A woman who has accused Tariq Ramadan of rape has asked a French court to block publication of a new book written while he was on criminal charges.
A furious reaction has erupted in France after Mr Ramadan, grandson of the Muslim Brotherhood founder, appeared on television to promote the book, Duty of Truth, which is due to be published on Wednesday.
The writer portrayed himself as victim of a political witchhunt against extremists and likened his situation to the Dreyfus Affair, which divided France more than a century ago.
Mr Ramadan has been indicted on two charges of rape and faced accusations from at least two other women.
While the authorities investigate the case, he has been suspended from his professor's post at the University of Oxford.
Other effects are less clear. He has reportedly been paid $35,000 a month by Qatar Foundation.
Eric Morain, a lawyer for a woman known as Christelle who accused Mr Ramadan of raping her in 2009, said he had revealed her identity in the book.
"The release of this book as it stands has to be banned as it reveals the identity of my client in 84 instances," Mr Morain said.
"All media have respected the law. Tariq Ramadan must respect it as well."
French newspapers said the TV appearance was the part of a plan to rehabilitate his image from the damage caused by the investigations.
The effort to drawn between his case and an infamous scandal involving Alfred Dreyfus, a French Jewish army captain accused of treason in 1894 before being exonerated in 1906, drew widespread derision.
"The anti-Muslim racism that has grown" in France could be equated to the anti-Semitism that sustained the Dreyfus affair.
"Nothing is trivial in the words of Tariq Ramadan," said a commentary in Le Parisien.
"He has blown on the embers because he knows he has important influence on a section of the population, mostly the youths.
"His desire to be the leader of the radicalised part of France is stronger than ever."
The court is hearing the request to block the book under an 1881 press law that forbids forbids publication "of information concerning the identity of a victim of sexual assault or abuse".
Mr Morain asked that his client's name is replaced with the pseudonym Christelle and a ruling in her favour could mean Mr Ramadan would face a fine of up to €15,000.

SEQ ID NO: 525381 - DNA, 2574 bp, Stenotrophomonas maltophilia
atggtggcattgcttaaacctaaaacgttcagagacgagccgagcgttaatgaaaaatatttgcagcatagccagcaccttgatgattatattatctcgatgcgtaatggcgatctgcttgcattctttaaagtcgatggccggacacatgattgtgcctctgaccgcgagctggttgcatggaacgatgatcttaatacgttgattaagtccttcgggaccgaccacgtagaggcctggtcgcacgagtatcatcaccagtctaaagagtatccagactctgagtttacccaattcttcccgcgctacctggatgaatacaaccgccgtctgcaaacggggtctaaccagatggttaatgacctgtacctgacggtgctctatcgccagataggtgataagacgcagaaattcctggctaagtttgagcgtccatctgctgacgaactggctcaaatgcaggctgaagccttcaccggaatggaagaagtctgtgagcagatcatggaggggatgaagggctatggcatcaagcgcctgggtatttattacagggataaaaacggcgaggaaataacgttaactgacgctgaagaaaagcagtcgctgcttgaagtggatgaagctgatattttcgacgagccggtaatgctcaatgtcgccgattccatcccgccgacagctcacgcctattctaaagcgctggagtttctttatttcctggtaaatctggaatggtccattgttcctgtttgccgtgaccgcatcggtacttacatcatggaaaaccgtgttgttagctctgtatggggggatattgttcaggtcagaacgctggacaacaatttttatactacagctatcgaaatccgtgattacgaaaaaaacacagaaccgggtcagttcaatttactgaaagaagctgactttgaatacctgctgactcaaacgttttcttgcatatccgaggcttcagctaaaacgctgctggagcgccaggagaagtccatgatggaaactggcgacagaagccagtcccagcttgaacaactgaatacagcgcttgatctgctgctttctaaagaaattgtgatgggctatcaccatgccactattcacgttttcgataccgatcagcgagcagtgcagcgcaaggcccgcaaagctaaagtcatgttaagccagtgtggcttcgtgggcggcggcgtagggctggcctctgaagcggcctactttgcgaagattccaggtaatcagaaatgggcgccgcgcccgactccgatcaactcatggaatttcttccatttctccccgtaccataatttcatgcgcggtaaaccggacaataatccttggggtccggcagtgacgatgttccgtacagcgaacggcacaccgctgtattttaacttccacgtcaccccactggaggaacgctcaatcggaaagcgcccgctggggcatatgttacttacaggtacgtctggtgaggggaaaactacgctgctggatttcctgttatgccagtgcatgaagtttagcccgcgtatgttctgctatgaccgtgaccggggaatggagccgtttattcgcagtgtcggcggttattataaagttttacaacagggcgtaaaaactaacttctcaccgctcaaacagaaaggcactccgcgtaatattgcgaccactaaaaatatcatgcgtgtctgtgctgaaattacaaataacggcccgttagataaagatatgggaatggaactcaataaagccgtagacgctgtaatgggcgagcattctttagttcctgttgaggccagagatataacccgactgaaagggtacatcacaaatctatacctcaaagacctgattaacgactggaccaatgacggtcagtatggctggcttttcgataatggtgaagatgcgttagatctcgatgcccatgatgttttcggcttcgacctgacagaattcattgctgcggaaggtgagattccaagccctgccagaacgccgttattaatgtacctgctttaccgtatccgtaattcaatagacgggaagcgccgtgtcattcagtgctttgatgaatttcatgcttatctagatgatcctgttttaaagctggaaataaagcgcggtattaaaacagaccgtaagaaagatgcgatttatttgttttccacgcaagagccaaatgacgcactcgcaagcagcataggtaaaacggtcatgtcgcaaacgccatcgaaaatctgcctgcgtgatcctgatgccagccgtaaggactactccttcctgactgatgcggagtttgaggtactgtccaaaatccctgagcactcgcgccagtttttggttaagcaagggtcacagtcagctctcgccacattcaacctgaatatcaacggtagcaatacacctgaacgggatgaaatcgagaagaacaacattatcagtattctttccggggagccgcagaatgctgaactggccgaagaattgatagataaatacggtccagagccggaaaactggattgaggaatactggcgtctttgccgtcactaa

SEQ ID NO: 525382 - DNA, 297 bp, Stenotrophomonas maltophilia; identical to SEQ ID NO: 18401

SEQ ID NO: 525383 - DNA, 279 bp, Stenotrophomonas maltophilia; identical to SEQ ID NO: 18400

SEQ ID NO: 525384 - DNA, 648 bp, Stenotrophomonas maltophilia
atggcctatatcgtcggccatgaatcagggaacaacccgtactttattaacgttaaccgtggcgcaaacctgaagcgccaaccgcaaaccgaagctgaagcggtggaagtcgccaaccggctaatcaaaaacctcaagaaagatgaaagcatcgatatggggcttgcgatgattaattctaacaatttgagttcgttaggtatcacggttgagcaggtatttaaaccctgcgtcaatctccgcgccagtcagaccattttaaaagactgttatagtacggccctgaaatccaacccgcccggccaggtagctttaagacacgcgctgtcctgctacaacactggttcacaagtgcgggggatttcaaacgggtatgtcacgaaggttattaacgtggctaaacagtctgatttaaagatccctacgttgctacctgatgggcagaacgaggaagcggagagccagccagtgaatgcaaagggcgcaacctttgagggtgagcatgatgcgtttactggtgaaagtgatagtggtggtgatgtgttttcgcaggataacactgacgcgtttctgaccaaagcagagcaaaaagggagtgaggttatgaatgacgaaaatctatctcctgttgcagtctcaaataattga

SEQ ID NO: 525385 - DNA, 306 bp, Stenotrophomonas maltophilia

The book is a retelling of his detention and questioning since the allegations of rape emerged.
Christelle said he lured her to a room in a hotel in Lyon and kept her overnight while carrying out the attacks.
Henda Ayari, a feminist activist, alleges the scholar also raped her in a Paris hotel in 2012.
The authorities filed the charges in October and November 2017 and Mr Ramadan was forced to take a leave of absence from Oxford, where he was professor of contemporary Islamic studies.
He initially denied any sexual contact with either women, but then said they had "consensual relations" after investigators uncovered sexually explicit text messages between him and Christelle.
Mr Ramadan sought to become the voice of political Islam in Europe.
Now he says he is "demonised" in France for his work. He told the interview he would fight against the accusations.
"I have kept silent since public opinion and the media have determined I am guilty," Mr Ramadan said.
The Representative Council of French Jewish Institutions has also decried his words as "an insult to the memory of Alfred Dreyfus and an offence to all who worked towards his rehabilitation".
Among the appearances planned to promote the book is a public gathering at a bookshop on Sunday.
Updated: September 11, 2019 12:45 AM